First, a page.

To improve things, you have to measure them
Ever since college girls starting doing Cosmo quizzes, people have been curious about self-tests – or assessment tools, as practitioners prefer to call them. Just about every week my Facebook friends offer me enticing opportunities to learn about myself by completing online questionnaires to determine “How military are you?”, “What’s the Nationality of your soul?” and even “Which Star Trek Captain are you”?
These assessments are all good fun, but more serious assessments can be truly beneficial in helping us understand our unique personality – based preferences, leadership strengths, and areas for growth. They help increase our self-awareness and often reinforce what we already suspect.
Personality assessments like the popular Myers Briggs Type Indicator help leaders better understand the inherent preferences that determine how they like to show up in the world, the types of information they favor, and how they prefer to make decisions. They help us improve our relationships with others by giving us a framework for understanding perfectly normal, but often perplexing or even frustrating, behaviors and preferences. Such assessments can also provide clues as to where we should focus our own developmental efforts.
Another type of assessment is called a 360 degree assessment because in addition to completing it yourself, you also ask a few peers, direct reports, and other stakeholders, as well as your boss – people from all around you (hence the moniker “360”) to rate you. These assessments help us look specifically at our behavior and how it is viewed by our various constituent groups. One valuable component of these tools is the ability to see how we see ourselves compares to how others see us. Again, the right data points directly to our development needs.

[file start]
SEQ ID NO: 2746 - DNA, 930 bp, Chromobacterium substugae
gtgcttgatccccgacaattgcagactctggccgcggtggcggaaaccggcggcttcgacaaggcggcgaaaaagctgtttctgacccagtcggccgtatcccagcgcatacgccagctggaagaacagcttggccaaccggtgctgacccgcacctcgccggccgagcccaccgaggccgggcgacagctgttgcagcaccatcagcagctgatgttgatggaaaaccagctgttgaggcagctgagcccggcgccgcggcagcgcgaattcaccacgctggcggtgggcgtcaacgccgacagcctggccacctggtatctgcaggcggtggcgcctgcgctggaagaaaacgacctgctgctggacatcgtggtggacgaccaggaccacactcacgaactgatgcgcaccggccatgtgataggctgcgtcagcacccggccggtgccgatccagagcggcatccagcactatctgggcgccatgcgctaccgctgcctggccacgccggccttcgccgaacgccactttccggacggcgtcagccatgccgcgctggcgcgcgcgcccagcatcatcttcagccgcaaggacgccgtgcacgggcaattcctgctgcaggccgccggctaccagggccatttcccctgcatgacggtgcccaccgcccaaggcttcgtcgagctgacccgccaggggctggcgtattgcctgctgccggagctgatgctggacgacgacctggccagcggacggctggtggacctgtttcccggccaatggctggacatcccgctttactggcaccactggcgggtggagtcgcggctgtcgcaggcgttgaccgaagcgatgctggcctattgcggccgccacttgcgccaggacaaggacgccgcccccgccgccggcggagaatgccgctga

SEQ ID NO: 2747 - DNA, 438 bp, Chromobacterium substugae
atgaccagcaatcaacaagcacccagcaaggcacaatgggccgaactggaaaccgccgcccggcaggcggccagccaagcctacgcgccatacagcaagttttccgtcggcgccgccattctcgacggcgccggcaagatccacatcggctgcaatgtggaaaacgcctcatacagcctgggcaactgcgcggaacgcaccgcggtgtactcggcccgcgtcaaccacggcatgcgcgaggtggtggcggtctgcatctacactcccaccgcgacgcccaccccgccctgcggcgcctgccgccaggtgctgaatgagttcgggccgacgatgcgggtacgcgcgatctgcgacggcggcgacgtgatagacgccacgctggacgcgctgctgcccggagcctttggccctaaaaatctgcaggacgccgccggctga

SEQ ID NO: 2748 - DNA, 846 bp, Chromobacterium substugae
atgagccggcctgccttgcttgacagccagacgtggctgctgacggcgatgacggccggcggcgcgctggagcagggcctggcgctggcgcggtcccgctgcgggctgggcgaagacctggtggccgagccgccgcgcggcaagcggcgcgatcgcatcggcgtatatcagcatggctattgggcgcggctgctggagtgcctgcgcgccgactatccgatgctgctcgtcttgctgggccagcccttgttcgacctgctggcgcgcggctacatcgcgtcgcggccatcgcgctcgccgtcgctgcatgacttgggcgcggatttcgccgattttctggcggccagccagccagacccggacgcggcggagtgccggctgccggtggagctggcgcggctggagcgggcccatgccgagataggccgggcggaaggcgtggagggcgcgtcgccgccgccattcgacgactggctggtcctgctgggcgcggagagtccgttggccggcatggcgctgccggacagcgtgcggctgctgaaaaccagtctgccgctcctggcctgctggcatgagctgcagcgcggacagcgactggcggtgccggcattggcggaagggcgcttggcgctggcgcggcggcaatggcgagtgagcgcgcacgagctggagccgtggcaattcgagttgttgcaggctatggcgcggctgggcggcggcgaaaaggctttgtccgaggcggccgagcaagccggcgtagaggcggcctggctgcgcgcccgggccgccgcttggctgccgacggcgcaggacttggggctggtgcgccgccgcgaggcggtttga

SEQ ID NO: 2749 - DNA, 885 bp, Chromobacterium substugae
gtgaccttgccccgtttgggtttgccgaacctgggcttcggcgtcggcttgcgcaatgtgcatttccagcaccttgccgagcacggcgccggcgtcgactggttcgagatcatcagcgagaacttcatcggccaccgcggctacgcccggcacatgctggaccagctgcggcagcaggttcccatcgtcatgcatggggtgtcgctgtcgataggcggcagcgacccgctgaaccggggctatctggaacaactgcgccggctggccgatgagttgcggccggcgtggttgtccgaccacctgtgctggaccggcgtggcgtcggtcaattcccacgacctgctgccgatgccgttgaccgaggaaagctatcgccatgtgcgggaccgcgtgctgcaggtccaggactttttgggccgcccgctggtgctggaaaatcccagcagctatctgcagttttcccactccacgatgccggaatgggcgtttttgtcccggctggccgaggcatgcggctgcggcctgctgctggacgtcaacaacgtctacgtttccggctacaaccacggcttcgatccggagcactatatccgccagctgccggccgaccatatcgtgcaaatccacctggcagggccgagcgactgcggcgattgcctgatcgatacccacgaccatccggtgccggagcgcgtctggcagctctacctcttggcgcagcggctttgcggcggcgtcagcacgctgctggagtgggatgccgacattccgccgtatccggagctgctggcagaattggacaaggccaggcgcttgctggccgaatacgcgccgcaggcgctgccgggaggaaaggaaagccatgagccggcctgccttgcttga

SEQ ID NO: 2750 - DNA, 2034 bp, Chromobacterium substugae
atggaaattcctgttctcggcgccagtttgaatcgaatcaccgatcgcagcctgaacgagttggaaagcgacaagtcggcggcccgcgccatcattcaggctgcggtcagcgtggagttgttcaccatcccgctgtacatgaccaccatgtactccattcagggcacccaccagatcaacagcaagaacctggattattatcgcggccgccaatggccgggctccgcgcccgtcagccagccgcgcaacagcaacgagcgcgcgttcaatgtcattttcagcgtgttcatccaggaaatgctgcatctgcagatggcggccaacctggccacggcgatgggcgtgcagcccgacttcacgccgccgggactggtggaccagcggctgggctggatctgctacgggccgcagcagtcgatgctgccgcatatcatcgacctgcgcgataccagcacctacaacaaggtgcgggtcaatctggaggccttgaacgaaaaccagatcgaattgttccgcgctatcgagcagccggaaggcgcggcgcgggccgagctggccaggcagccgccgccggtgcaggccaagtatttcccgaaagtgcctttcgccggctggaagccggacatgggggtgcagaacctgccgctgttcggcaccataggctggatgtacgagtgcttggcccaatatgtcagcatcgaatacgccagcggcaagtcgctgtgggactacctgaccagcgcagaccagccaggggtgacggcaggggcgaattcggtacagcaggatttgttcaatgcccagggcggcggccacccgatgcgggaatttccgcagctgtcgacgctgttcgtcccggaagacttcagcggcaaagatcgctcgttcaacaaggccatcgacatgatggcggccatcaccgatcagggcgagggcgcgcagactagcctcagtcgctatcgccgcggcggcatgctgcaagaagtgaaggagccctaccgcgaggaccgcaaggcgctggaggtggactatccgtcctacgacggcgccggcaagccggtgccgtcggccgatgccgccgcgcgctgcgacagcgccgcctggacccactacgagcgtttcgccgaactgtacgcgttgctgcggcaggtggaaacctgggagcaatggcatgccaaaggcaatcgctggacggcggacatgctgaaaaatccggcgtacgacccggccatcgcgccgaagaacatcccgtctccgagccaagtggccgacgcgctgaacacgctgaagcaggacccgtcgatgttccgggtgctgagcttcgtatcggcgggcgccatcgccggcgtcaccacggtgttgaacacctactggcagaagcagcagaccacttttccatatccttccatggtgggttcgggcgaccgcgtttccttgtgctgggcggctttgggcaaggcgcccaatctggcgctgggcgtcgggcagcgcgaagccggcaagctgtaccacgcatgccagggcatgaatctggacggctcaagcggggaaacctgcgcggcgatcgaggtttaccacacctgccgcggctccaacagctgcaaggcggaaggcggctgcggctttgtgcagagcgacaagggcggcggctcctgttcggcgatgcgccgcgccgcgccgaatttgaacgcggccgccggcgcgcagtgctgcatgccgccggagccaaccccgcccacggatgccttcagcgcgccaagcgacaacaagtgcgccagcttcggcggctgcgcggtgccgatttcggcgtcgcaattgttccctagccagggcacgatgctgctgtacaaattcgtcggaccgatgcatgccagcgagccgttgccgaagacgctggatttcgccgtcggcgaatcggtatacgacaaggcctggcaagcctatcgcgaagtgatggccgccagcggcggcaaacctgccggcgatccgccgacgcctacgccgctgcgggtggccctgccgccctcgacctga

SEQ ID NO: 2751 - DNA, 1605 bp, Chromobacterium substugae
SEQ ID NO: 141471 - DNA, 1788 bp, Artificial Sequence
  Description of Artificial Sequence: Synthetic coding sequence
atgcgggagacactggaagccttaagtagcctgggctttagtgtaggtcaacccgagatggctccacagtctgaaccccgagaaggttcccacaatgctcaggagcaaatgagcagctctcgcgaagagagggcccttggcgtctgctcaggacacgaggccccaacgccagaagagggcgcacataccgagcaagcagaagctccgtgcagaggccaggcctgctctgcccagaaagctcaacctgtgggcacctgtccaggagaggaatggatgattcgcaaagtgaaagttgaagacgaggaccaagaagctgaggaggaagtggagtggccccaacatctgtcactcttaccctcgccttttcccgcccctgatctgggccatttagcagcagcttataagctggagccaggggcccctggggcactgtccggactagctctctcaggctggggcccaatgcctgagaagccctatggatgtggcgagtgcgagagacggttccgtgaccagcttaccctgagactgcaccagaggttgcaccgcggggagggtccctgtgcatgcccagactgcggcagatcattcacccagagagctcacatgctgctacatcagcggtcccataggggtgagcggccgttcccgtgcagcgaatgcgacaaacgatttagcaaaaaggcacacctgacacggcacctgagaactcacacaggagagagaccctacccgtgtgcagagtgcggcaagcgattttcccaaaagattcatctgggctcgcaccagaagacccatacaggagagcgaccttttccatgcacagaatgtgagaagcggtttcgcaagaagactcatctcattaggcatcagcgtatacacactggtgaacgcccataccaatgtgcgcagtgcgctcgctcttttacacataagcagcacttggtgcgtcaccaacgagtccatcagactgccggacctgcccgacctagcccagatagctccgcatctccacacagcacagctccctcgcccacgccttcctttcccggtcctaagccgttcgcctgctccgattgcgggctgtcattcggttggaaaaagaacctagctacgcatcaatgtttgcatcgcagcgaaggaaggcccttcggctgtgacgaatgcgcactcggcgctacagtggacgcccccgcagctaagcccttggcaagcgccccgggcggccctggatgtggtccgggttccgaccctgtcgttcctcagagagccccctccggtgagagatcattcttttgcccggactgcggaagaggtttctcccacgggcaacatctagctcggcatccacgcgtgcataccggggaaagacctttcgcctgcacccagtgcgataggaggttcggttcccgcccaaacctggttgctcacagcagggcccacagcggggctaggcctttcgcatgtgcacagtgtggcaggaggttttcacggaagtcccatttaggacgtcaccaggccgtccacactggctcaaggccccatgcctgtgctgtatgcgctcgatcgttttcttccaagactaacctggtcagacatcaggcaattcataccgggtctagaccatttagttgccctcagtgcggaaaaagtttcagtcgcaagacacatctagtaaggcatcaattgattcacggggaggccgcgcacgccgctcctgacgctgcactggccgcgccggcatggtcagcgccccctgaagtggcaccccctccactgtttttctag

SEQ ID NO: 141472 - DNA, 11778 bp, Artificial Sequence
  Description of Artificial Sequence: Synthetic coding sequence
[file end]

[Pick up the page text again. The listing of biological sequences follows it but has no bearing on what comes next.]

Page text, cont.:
Assessments are not just for individuals. Teams that want to increase their collective effectiveness benefit in the same way from self-assessment. One assessment that we work with helps teams see how their team culture compares with their ideal culture. Another assessment that we like helps teams look at their communication habits and styles in order to increase the effectiveness of their communication.
All off these assessments are extremely valuable when used correctly by someone who is specifically trained in reading and interpreting psychological and behavioral assessments. And, like anything else, there are right and wrong ways to use these assessments. In order to improve things, you have to measure them. Next time we’ll look at some of the ways you can ensure that your efforts to measure things have the impact that you want on improving leadership effectiveness.